“It’s a free country you wank-” was all that one of the boys got out before, best Tom could guess, the boy was thrown against the side of the dumpster, because the next thing Tom heard was a loud “THUMP” right next to his shoulder and the dumpster was scooted a few inches back and dented in a bit.
What followed was a few choice curses, some shuffling, scuffling, “oofs” and “uffs” and the beating of feet on pavement getting quieter and quieter. Tom waited a good thirty-seven seconds after it got totally quiet (he counted, not wanting to rush things) before he opened the lid and scooted himself out. He had a bit of something brownish and icky on the toe of his left shoe that had seeped through his sneaker into his sock and felt wet. The knees of his pants were wet as well and he had coffee grains and cigarette ashes all over his black hooded sweatshirt and faded black jeans. Could have been worse, had been worse before. I’d call this a win, Tom mused.
He heard a soft movement behind him and spun around. Tom saw an intimidatingly large-sized man with a barrel chest, huge, round belly and black, fuzzy beard stood by a door with his legs part and his hands crossed over his chest. He raised his eyebrows as if to say, “And?”
“Oh Jesus!” Tom said. “I mean, hello, sir! Yes, umm…”
Tom started to back away from him. “Well best be—”
“Oh no you don’t! You stay right there,” the man said. Before Tom could cut and run, he pulled Tom back by the hood of his coat and had Tom held tight with great big mitts of hands enveloping the whole of his shoulders.
Tom craned his neck to look over his shoulders up to the man said, “Whoa man! That was fast! I’d have never thought a big ol’, well, I guess I should have thought, by the amount of whamming and cursing and banging coming from outside the bin… Yes, indeed, I should have thought—”
He blundered on; his mouth moving with nothing of substance coming out. He always did that when he was nervous. Couldn’t help but say something.
The man threw back his head and laughed with a boisterous, hearty deep laugh that moved his belly and the long tufts of beard near his jaw fluffed up and down as his mouth moved. Tom stopped flubbering on and observed the man instead.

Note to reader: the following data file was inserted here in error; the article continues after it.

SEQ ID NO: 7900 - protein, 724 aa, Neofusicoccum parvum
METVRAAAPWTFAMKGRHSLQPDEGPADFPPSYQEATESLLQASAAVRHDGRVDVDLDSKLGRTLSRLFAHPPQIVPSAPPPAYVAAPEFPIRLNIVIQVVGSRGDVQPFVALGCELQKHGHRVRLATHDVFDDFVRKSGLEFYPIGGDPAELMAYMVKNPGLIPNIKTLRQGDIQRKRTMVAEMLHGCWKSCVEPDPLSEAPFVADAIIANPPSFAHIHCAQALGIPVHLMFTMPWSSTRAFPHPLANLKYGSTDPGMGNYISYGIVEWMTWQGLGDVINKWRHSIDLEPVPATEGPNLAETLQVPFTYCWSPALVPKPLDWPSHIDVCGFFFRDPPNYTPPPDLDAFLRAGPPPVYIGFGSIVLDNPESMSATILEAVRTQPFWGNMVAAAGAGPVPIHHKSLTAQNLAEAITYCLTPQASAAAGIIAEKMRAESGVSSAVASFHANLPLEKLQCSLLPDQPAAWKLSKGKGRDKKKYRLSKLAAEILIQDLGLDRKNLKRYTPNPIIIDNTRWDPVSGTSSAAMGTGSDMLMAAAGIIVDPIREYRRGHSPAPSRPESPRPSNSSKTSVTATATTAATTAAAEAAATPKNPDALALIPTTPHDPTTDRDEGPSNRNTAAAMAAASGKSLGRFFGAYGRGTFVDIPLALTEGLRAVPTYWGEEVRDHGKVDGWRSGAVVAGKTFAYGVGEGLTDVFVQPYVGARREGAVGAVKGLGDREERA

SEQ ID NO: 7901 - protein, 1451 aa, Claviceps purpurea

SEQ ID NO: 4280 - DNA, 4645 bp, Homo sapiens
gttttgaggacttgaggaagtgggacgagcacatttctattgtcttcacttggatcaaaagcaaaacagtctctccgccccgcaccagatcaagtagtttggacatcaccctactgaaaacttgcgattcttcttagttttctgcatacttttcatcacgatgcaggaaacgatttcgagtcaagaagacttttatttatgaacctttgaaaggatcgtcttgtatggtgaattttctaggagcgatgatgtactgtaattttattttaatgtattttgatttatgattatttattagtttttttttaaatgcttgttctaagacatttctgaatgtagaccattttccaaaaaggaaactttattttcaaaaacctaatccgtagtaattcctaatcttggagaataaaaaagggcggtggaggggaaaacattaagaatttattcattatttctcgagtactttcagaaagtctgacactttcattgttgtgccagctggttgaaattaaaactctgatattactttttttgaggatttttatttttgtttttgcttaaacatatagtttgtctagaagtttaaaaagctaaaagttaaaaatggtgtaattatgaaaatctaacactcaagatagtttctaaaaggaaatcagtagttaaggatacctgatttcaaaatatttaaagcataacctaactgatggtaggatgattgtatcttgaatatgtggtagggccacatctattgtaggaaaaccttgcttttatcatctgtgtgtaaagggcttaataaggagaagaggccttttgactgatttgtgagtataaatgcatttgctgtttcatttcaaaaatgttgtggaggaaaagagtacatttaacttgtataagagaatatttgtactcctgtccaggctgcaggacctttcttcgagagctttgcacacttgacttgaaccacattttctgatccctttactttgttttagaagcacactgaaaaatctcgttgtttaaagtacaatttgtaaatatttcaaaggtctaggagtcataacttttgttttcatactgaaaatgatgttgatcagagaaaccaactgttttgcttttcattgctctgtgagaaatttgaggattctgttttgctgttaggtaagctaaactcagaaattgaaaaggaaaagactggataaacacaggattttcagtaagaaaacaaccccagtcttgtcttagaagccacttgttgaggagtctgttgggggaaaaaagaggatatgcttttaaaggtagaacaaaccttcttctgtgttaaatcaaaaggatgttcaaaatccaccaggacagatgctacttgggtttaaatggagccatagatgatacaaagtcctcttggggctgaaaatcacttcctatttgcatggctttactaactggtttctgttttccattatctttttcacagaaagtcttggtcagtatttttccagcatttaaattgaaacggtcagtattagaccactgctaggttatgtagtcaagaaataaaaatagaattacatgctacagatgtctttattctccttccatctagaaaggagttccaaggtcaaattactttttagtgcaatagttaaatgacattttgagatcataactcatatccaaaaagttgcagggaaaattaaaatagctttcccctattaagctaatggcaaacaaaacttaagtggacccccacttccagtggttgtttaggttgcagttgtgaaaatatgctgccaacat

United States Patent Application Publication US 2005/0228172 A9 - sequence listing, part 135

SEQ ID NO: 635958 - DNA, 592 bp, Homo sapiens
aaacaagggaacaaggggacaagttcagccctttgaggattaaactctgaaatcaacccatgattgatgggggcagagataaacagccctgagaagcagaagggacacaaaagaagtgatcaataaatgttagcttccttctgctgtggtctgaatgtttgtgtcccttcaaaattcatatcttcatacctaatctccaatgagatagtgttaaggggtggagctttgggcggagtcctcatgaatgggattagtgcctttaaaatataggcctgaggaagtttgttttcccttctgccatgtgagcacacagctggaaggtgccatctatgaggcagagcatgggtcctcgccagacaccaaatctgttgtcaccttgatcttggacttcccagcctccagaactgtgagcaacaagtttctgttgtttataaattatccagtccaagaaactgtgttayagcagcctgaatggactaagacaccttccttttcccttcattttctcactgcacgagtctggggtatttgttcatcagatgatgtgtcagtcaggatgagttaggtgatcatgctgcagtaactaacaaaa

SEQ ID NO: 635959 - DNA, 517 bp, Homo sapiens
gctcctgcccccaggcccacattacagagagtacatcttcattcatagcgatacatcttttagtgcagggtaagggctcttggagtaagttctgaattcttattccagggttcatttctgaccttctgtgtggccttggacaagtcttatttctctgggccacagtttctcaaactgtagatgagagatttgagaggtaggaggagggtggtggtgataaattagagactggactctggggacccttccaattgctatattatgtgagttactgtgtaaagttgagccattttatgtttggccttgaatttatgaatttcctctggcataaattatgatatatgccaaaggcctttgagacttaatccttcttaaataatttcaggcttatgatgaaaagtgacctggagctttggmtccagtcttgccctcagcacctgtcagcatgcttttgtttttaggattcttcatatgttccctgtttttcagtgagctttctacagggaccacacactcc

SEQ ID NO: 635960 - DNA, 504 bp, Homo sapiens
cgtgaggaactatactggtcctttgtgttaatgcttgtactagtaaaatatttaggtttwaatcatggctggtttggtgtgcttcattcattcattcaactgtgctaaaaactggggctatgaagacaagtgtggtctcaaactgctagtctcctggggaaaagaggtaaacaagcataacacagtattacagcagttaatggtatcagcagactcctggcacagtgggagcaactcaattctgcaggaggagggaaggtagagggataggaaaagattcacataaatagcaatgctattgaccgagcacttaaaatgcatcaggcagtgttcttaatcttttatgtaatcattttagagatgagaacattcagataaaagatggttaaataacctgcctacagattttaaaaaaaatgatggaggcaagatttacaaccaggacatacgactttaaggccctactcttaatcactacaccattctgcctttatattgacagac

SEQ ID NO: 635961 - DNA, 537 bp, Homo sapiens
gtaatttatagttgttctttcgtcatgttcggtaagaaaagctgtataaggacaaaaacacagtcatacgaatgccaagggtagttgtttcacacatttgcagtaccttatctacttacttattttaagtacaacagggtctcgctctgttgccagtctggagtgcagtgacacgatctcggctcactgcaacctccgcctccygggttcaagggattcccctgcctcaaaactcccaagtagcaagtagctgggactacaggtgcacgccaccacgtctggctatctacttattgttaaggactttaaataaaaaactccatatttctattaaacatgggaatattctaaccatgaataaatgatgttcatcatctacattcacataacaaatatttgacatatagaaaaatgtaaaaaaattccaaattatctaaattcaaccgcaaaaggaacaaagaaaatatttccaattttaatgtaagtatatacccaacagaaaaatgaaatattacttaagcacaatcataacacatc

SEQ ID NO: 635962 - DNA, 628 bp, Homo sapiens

Awaiting his doom, Tom wondered which was worse, spending every afternoon playing chase with the bully boys in an agonizing pre-teen life of “pick on the little guy” or a quick death by the hands of Andre the Giant’s brother here. The man’s hands were heavy and warm on his shoulders. He looked possibly bi-racial, with light brown skin and long tightly curled black hair pulled back into a ponytail. He had on a gray t-shirt and apron tied at his waist. His shirt said, “Bud’s Suds” on it and his black pants were covered in white fuzz balls of some kind of hair.
The man looked back down at Tom. Tom grinned up at him with his widest grin. Tom was missing a front tooth that he’d lost in a previous battle with those boys. If only Tom could see what the man saw as he looked down on him.
Tom was a painfully small boy. Scrawny with stained, oversized old clothes with rips and holes. He had a mass of loose red and blonde curls that hung just past his ears, with one curl that had currently fallen across his face. He had a scrape on his chin, and a smudge of something here and there on his forehead and his freckly nose. With that overly obnoxious grin, and his notoriously scrappy attitude the man had seen from afar from Tom in days past on the streets, the man couldn’t help but pity him.